Is Stress a Diagnoseable Mental Health Condition?

According to the Diagnostical & Statistical Manual of Mental Disorders: 5th Edition, stress alone does not deem or warrant a mental diagnosis without meeting certain additional criteria.  The current stress-related diagnoses according to the American Psychiatric Association are as follows:

  1. Acute Stress Disorder
  2. Adjustment Disorder(s)
  3. Posttraumatic Stress Disorder
  4. Child Affected by Parental Relationship Distress
  5. Relationship Distress with Spouse or Intimate Partner
  6. Other Specified Trauma- and Stressor-Related Disorder
  7. Reactive Attachment Disorder
  8. Disinhibited Social Engagement Disorder
  9. Unspecified Trauma-and Stressor-Related Disorder

It is important to note that stress may manifest from more than one source.  These sources may include but are not limited to work, family, relationships, finances, unrealistic goals/expectations, time management, or in the aftermath of a traumatic event.

There are many ways to reduce and manage stress. One good way to find what may be triggering your stress is to keep a journal. By doing this you are able to write down each time/place/event that causes your stress and anxiety which will help pinpoint things that can help you control the stress.

Top Ten Stress Reducers by Dr. Becky Beaton

  1. Pay attention to your self-talk. Research indicates that the inner dialogue of most people is 77% negative. People tend to focus on the negative in an attempt to survive all the "what ifs" in life, but we end up spending more of our lives worrying than living. Mark Twain once said, "I am an old man and have know great many troubles - but most of them never happened."
  2. Remember to breathe - especially deep slow diaphragmatic breathing. Slow deep breathing actually changes your blood chemistry - reduces your heart rate, lowers blood pressure, and activates your parasympathetic nervous system (the opposite of the flight or fight response).
  3. Be sure to get plenty of sleep, eat well, and drink plenty of water. Most Americans are truly running a deficit on all three of these, and they are critical to our mental and physical well-being.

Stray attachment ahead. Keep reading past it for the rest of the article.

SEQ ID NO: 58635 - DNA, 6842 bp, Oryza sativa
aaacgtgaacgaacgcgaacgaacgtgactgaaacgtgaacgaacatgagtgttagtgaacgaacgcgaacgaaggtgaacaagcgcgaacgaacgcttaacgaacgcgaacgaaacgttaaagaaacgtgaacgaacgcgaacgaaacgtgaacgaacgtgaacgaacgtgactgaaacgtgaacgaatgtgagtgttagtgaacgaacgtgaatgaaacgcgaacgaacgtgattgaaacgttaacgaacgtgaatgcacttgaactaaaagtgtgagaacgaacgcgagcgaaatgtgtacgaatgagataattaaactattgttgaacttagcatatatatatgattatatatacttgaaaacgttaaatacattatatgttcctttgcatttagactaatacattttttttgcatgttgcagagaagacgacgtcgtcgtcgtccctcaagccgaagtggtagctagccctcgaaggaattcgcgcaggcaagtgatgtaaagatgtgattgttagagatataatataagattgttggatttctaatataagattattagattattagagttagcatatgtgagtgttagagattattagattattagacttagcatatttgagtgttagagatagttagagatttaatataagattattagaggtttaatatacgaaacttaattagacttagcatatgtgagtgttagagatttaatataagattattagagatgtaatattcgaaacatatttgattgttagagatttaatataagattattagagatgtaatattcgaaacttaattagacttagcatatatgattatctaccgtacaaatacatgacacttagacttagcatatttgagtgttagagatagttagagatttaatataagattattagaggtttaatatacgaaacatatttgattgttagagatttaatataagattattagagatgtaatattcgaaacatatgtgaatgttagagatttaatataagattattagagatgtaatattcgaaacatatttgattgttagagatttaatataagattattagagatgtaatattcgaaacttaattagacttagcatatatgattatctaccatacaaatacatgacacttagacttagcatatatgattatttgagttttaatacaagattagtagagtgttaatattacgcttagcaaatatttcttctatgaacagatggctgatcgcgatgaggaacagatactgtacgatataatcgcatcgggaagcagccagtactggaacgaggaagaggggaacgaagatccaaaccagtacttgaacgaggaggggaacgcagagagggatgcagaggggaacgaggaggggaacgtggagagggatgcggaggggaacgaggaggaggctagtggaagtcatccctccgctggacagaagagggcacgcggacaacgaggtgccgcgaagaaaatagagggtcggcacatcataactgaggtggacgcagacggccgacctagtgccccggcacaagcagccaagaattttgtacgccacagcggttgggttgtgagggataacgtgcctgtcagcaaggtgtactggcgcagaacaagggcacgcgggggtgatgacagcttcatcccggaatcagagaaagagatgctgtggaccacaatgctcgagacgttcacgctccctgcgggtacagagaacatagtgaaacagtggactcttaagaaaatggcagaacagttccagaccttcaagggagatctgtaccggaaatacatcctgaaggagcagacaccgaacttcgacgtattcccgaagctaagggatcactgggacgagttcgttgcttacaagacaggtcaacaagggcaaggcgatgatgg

4. Exercise or take a brisk walk. Exercise is one of the best ways to 'burn-off' stress hormones and improve mood.
  5. Learn to meditate. People who take time to meditate or intentionally relax on a regular basis have been shown to weather daily stress more successfully and with better overall health.
  6. Maintain relationships with humans and pets. People who have healthy relationships with friends or family have fewer stress-related illnesses. Also, just petting an animal actually lowers your blood pressure!
  7. Allow extra time for projects or even just to get ready in the morning. Rushing actually triggers a stress response in our body, producing all the harmful stress hormones that alter mood negatively and may eventually turn into illness. Just allowing for a little extra time can go a long way.
  8. Do your best to live in the present and practice mindfulness. This is all we really have, and it's easy to miss the moment if we're focused on the past or future.
  9. Listen to your body's signals. If we don't pay attention to our emotional and mental stress, physical issues begin to emerge. The longer you wait to listen to your body, the louder it will have to speak to you.
  10. Remember the Big Picture and the Cortisol question. Increased levels of stress hormones in our brain actually cause our brain's seat of long-term memory to atrophy. So, the next time you're stressed-out, ask yourself the Cortisol question, "Is stressing out over this really worth shrinking my brain?" It will help keep things in perspective.


1. Google (online).  <https://www.google.com/#q=stress+definition>.  March 27, 2014.

2.  Merriam-Webster (online).  <http://www.merriam-webster.com/dictionary/stress>.  March 27, 2014.

3.  ADAA (online).  <http://www.adaa.org/understanding-anxiety/related-illnesses/stress>.  March 27, 2014.

4.  Dictionary (online). <http://dictionary.reference.com/browse/eustress?s=t>.  March 27, 2014.